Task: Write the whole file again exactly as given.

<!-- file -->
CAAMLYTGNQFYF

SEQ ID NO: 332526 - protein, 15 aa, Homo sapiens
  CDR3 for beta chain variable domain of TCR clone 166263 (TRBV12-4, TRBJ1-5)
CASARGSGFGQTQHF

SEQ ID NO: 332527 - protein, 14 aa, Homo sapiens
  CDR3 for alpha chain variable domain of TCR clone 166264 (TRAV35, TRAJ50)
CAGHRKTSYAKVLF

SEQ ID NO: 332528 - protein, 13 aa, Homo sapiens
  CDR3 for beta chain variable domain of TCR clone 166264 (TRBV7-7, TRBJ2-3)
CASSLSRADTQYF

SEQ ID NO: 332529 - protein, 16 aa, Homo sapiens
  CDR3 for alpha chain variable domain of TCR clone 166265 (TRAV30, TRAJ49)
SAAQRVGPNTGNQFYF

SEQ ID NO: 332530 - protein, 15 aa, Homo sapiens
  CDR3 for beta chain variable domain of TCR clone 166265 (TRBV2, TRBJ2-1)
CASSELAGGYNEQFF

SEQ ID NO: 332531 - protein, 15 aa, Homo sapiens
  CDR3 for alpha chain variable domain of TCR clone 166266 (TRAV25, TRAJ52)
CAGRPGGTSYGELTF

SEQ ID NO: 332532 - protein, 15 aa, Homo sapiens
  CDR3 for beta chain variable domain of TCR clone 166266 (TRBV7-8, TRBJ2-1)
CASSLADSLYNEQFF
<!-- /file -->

CAAMLYTGNQFYF

SEQ ID NO: 332526 - protein, 15 aa, Homo sapiens
  CDR3 for beta chain variable domain of TCR clone 166263 (TRBV12-4, TRBJ1-5)
CASARGSGFGQTQHF

SEQ ID NO: 332527 - protein, 14 aa, Homo sapiens
  CDR3 for alpha chain variable domain of TCR clone 166264 (TRAV35, TRAJ50)
CAGHRKTSYAKVLF

SEQ ID NO: 332528 - protein, 13 aa, Homo sapiens
  CDR3 for beta chain variable domain of TCR clone 166264 (TRBV7-7, TRBJ2-3)
CASSLSRADTQYF

SEQ ID NO: 332529 - protein, 16 aa, Homo sapiens
  CDR3 for alpha chain variable domain of TCR clone 166265 (TRAV30, TRAJ49)
SAAQRVGPNTGNQFYF

SEQ ID NO: 332530 - protein, 15 aa, Homo sapiens
  CDR3 for beta chain variable domain of TCR clone 166265 (TRBV2, TRBJ2-1)
CASSELAGGYNEQFF

SEQ ID NO: 332531 - protein, 15 aa, Homo sapiens
  CDR3 for alpha chain variable domain of TCR clone 166266 (TRAV25, TRAJ52)
CAGRPGGTSYGELTF

SEQ ID NO: 332532 - protein, 15 aa, Homo sapiens
  CDR3 for beta chain variable domain of TCR clone 166266 (TRBV7-8, TRBJ2-1)
CASSLADSLYNEQFF